Star Moles have released the video for the track ‘Bloodhounds’ from the new album ‘Camelot’. We rather like it so give it a listen then read the Q and A below.
Bloodhounds is a boisterous glam rock song comprised of several layers of pelting pianos, thunderous drums, and slinking desert rattlesnake guitars, with lyrics warning of the oncoming “bloodhounds of fate” and the ominous promise of “bad news, babe.
”What inspired the song? I started with the idea of wanting to make a song like Needle In The Camel’s Eye by Brian Eno that really drives forward hard the whole time. That forward movement and the explosiveness of the dissonant piano riff are what inspired the lyrics.
Who produced it? What was the recording experience like? The song and the record it’s from were produced by Kevin Basko of Rubber Band Gun. It was my first time recording in a studio and using analogue equipment, as well as my first time working with a producer. I loved witnessing the song’s transformation during the process into a sound that exceeded the expectations I have of my own songwriting, which wouldn’t have been achieved without Kevin’s production wizardry and playing on the track.
What do you want people to take away from the song? I want people to get the song stuck in their heads and think “damn I haven’t heard hooks like this in a long time, this should be in a movie.” I hope when people listen to it they feel like they are in some sort of action adventure danger movie.
Was there a particular mood you were trying to capture? A story you were trying to tell? The song kind of built itself on itself. The repetitive, ascending chord progression inspired the chugging piano, guitar, and vocal melodies, which created the mood of impending doom, danger, and urgency that the lyrics about being on the run from something reflect. It has a cinematic cohesiveness that I’m really proud of.
Anything else noteworthy? There’s a demo version of the song on my bandcamp that has a weird slow bridge section about horses.
|Just out of high school, feeling stuck in a wasted gap year in her New Hampshire hometown before heading to college, Emily Moales found herself in serious need of an escape. Looking around at her rural New England surroundings, the multi-instrumentalist began blurring the lush greenery of reality with that of Medieval Britain. Infusing imagery from the epic tale of King Arthur, Lancelot, and Guinevere into intensely personal songwriting, Moales found that escape in creating the sublime Camelot. The album displays Star Moles’ ability to craft timeless yet eternally present bedroom pop.|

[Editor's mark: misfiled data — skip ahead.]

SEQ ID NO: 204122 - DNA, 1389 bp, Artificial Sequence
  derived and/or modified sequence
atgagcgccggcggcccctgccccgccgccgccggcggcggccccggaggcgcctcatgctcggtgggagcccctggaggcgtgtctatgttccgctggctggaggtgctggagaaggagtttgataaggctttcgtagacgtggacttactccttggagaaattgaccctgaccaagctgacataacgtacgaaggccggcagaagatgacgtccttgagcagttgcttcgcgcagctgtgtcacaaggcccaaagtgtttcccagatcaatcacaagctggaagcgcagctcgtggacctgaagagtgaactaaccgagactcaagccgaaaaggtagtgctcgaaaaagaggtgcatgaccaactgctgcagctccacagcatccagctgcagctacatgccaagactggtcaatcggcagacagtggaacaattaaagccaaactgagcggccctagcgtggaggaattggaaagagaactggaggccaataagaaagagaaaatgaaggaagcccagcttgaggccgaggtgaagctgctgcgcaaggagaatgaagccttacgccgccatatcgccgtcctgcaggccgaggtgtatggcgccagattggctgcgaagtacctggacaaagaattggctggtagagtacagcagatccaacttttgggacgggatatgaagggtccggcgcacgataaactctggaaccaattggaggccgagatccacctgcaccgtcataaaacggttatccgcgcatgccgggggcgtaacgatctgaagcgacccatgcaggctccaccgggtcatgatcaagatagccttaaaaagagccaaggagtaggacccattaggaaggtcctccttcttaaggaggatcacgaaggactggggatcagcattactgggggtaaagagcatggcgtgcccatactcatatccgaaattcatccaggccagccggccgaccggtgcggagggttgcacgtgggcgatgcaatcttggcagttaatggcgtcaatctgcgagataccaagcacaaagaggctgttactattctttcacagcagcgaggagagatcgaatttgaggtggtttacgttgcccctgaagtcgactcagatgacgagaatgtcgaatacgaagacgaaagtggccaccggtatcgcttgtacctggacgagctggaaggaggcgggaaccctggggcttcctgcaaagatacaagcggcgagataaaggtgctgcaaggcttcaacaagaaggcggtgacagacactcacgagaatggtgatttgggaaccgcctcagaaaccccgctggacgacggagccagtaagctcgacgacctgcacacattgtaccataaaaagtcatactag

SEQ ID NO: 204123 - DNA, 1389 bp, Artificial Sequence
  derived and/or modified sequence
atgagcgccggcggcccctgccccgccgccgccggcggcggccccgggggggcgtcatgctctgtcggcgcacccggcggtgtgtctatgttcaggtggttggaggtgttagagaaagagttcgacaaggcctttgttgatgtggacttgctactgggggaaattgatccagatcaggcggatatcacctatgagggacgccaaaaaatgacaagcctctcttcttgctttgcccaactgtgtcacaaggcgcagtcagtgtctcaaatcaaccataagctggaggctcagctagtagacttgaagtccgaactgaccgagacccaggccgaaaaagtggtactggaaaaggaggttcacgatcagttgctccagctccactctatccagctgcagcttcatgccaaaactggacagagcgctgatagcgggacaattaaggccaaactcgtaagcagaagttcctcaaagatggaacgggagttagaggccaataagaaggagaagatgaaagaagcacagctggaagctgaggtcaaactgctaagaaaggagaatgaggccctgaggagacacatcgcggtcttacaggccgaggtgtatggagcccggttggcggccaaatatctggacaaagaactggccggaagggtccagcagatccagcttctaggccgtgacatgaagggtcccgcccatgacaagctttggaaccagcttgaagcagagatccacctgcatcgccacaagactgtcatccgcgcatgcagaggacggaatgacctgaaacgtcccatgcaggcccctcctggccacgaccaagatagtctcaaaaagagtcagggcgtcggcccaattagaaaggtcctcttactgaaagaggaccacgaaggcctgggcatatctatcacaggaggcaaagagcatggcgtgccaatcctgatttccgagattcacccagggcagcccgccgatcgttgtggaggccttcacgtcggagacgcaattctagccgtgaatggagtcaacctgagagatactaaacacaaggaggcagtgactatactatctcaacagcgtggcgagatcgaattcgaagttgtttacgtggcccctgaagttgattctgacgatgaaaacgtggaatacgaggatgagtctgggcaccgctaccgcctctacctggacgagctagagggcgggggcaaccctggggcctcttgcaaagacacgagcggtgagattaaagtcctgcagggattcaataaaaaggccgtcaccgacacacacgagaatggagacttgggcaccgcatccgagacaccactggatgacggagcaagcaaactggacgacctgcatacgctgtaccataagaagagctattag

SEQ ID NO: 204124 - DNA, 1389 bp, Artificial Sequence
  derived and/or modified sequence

Though Moales envisioned Camelot as an escape, the record equally provided a way to address it head on. Album highlight “Not My Heart” takes a tale of unrequited love on a Casiotone waltz before bursting into a classic AM pop jangle, the imagery of Camelot swirling through the mix like a fluttering banner. That clever duality is boosted by the production of Kevin Basko, whose work with Foxygen and his solo project, Rubber Band Gun were a major inspiration. The buoyant indie pop of songs like “Spider Queen” bear that out, letting lyrics about the titular monarch meld with a story of a troubled interpersonal relationship.
Camelot realized the potential of Star Moles after a series of digitally released albums, making it especially fitting to be Moales’ first physical release. Camelot is an impressive show of not only the range of Moales’ songwriting, but her composing and musicianship as well. The piano stomp of “Bloodhounds (Bad News Babe)” is immaculately plonky, understated high harmonies curling like wisps of fog at the base of the track. Moales’ shimmering vibrato in the midst of the sweetly strummy “Agravaine” is a charming surprise, equaled by the angsty growl that opens “Mad Cow Disease”. The twinkling “Stone Man” finds Moales’ looking to a mythic creature of meditative stillness for guidance, her voice swaying as sweetly as anywhere in the Star Moles catalog.
That wide vocal range comes inspired by Moales’ infatuation with Kate Bush, herself a witty songwriter with a flair for the romanticism of the English countryside. Though Bush dug into the slightly more modern Wuthering Heights, Moales’ Camelot reaches for the same boundaries of the voice’s capabilities. “I admire the way she uses her full vocal range and isn’t afraid to soar really high, go really low, to choose strange melodies,” Moales says. “For a long time I didn’t listen to a lot of female musicians and was afraid to use my vocal range. But on Camelot I was finally able to really capture that scope and the magic and wonder of taking big steps in life.”